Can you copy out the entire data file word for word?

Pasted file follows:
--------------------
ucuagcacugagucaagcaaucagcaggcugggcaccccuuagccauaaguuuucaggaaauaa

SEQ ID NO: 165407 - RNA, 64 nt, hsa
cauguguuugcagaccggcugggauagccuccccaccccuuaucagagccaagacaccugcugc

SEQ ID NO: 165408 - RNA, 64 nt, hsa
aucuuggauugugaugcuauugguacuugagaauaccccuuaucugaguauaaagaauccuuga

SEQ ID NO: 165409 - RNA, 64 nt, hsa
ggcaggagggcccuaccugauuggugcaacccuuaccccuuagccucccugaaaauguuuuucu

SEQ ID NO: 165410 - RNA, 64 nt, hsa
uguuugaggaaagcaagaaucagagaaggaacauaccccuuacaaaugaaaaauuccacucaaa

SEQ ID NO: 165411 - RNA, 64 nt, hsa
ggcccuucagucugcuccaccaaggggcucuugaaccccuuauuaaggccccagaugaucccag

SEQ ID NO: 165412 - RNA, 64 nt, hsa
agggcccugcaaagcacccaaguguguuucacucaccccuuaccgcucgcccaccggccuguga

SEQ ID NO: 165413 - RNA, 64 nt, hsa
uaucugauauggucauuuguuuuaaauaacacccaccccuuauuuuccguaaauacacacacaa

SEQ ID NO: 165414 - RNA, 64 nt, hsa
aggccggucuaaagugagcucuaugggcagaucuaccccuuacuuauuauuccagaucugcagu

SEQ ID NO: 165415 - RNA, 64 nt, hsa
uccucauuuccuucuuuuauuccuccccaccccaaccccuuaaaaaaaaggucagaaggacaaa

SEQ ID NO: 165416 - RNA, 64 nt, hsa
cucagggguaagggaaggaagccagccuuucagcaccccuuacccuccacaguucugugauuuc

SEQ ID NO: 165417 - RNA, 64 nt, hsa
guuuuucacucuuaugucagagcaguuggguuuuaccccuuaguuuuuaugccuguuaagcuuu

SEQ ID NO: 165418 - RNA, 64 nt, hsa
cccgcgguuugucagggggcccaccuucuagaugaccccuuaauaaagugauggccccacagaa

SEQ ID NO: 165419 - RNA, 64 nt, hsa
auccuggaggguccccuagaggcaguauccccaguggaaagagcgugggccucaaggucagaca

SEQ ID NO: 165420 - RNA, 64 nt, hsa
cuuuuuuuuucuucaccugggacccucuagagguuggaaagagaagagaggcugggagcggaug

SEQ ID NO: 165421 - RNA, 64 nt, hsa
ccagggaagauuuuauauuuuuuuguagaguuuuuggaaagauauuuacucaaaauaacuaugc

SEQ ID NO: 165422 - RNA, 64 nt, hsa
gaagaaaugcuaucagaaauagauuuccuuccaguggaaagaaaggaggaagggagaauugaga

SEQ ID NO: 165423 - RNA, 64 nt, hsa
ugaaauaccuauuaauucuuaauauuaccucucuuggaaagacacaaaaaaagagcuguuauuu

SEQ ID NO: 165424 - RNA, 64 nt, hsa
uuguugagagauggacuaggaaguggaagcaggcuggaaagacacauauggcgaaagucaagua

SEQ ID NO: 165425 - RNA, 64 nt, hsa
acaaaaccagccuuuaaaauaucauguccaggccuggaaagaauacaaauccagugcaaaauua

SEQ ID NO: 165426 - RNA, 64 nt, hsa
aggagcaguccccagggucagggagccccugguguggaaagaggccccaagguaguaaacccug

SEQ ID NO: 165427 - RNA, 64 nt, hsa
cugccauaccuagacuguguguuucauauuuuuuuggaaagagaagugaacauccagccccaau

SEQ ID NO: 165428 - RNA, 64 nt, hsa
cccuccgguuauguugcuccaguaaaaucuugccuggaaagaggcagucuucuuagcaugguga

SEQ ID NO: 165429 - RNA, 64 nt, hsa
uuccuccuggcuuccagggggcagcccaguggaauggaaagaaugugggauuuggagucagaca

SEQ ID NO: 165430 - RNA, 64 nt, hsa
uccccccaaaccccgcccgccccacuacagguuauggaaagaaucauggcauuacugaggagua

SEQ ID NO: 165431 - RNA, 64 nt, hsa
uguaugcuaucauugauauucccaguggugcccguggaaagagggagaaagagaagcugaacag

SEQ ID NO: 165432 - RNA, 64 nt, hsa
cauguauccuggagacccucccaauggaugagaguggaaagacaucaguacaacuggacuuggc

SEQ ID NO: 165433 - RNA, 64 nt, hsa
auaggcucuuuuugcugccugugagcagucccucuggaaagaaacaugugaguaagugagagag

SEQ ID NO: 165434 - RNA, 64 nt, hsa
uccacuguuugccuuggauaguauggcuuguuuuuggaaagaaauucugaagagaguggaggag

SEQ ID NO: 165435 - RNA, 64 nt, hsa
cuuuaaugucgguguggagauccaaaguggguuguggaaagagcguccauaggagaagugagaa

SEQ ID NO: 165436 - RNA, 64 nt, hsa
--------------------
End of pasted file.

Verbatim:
ucuagcacugagucaagcaaucagcaggcugggcaccccuuagccauaaguuuucaggaaauaa

SEQ ID NO: 165407 - RNA, 64 nt, hsa
cauguguuugcagaccggcugggauagccuccccaccccuuaucagagccaagacaccugcugc

SEQ ID NO: 165408 - RNA, 64 nt, hsa
aucuuggauugugaugcuauugguacuugagaauaccccuuaucugaguauaaagaauccuuga

SEQ ID NO: 165409 - RNA, 64 nt, hsa
ggcaggagggcccuaccugauuggugcaacccuuaccccuuagccucccugaaaauguuuuucu

SEQ ID NO: 165410 - RNA, 64 nt, hsa
uguuugaggaaagcaagaaucagagaaggaacauaccccuuacaaaugaaaaauuccacucaaa

SEQ ID NO: 165411 - RNA, 64 nt, hsa
ggcccuucagucugcuccaccaaggggcucuugaaccccuuauuaaggccccagaugaucccag

SEQ ID NO: 165412 - RNA, 64 nt, hsa
agggcccugcaaagcacccaaguguguuucacucaccccuuaccgcucgcccaccggccuguga

SEQ ID NO: 165413 - RNA, 64 nt, hsa
uaucugauauggucauuuguuuuaaauaacacccaccccuuauuuuccguaaauacacacacaa

SEQ ID NO: 165414 - RNA, 64 nt, hsa
aggccggucuaaagugagcucuaugggcagaucuaccccuuacuuauuauuccagaucugcagu

SEQ ID NO: 165415 - RNA, 64 nt, hsa
uccucauuuccuucuuuuauuccuccccaccccaaccccuuaaaaaaaaggucagaaggacaaa

SEQ ID NO: 165416 - RNA, 64 nt, hsa
cucagggguaagggaaggaagccagccuuucagcaccccuuacccuccacaguucugugauuuc

SEQ ID NO: 165417 - RNA, 64 nt, hsa
guuuuucacucuuaugucagagcaguuggguuuuaccccuuaguuuuuaugccuguuaagcuuu

SEQ ID NO: 165418 - RNA, 64 nt, hsa
cccgcgguuugucagggggcccaccuucuagaugaccccuuaauaaagugauggccccacagaa

SEQ ID NO: 165419 - RNA, 64 nt, hsa
auccuggaggguccccuagaggcaguauccccaguggaaagagcgugggccucaaggucagaca

SEQ ID NO: 165420 - RNA, 64 nt, hsa
cuuuuuuuuucuucaccugggacccucuagagguuggaaagagaagagaggcugggagcggaug

SEQ ID NO: 165421 - RNA, 64 nt, hsa
ccagggaagauuuuauauuuuuuuguagaguuuuuggaaagauauuuacucaaaauaacuaugc

SEQ ID NO: 165422 - RNA, 64 nt, hsa
gaagaaaugcuaucagaaauagauuuccuuccaguggaaagaaaggaggaagggagaauugaga

SEQ ID NO: 165423 - RNA, 64 nt, hsa
ugaaauaccuauuaauucuuaauauuaccucucuuggaaagacacaaaaaaagagcuguuauuu

SEQ ID NO: 165424 - RNA, 64 nt, hsa
uuguugagagauggacuaggaaguggaagcaggcuggaaagacacauauggcgaaagucaagua

SEQ ID NO: 165425 - RNA, 64 nt, hsa
acaaaaccagccuuuaaaauaucauguccaggccuggaaagaauacaaauccagugcaaaauua

SEQ ID NO: 165426 - RNA, 64 nt, hsa
aggagcaguccccagggucagggagccccugguguggaaagaggccccaagguaguaaacccug

SEQ ID NO: 165427 - RNA, 64 nt, hsa
cugccauaccuagacuguguguuucauauuuuuuuggaaagagaagugaacauccagccccaau

SEQ ID NO: 165428 - RNA, 64 nt, hsa
cccuccgguuauguugcuccaguaaaaucuugccuggaaagaggcagucuucuuagcaugguga

SEQ ID NO: 165429 - RNA, 64 nt, hsa
uuccuccuggcuuccagggggcagcccaguggaauggaaagaaugugggauuuggagucagaca

SEQ ID NO: 165430 - RNA, 64 nt, hsa
uccccccaaaccccgcccgccccacuacagguuauggaaagaaucauggcauuacugaggagua

SEQ ID NO: 165431 - RNA, 64 nt, hsa
uguaugcuaucauugauauucccaguggugcccguggaaagagggagaaagagaagcugaacag

SEQ ID NO: 165432 - RNA, 64 nt, hsa
cauguauccuggagacccucccaauggaugagaguggaaagacaucaguacaacuggacuuggc

SEQ ID NO: 165433 - RNA, 64 nt, hsa
auaggcucuuuuugcugccugugagcagucccucuggaaagaaacaugugaguaagugagagag

SEQ ID NO: 165434 - RNA, 64 nt, hsa
uccacuguuugccuuggauaguauggcuuguuuuuggaaagaaauucugaagagaguggaggag

SEQ ID NO: 165435 - RNA, 64 nt, hsa
cuuuaaugucgguguggagauccaaaguggguuguggaaagagcguccauaggagaagugagaa

SEQ ID NO: 165436 - RNA, 64 nt, hsa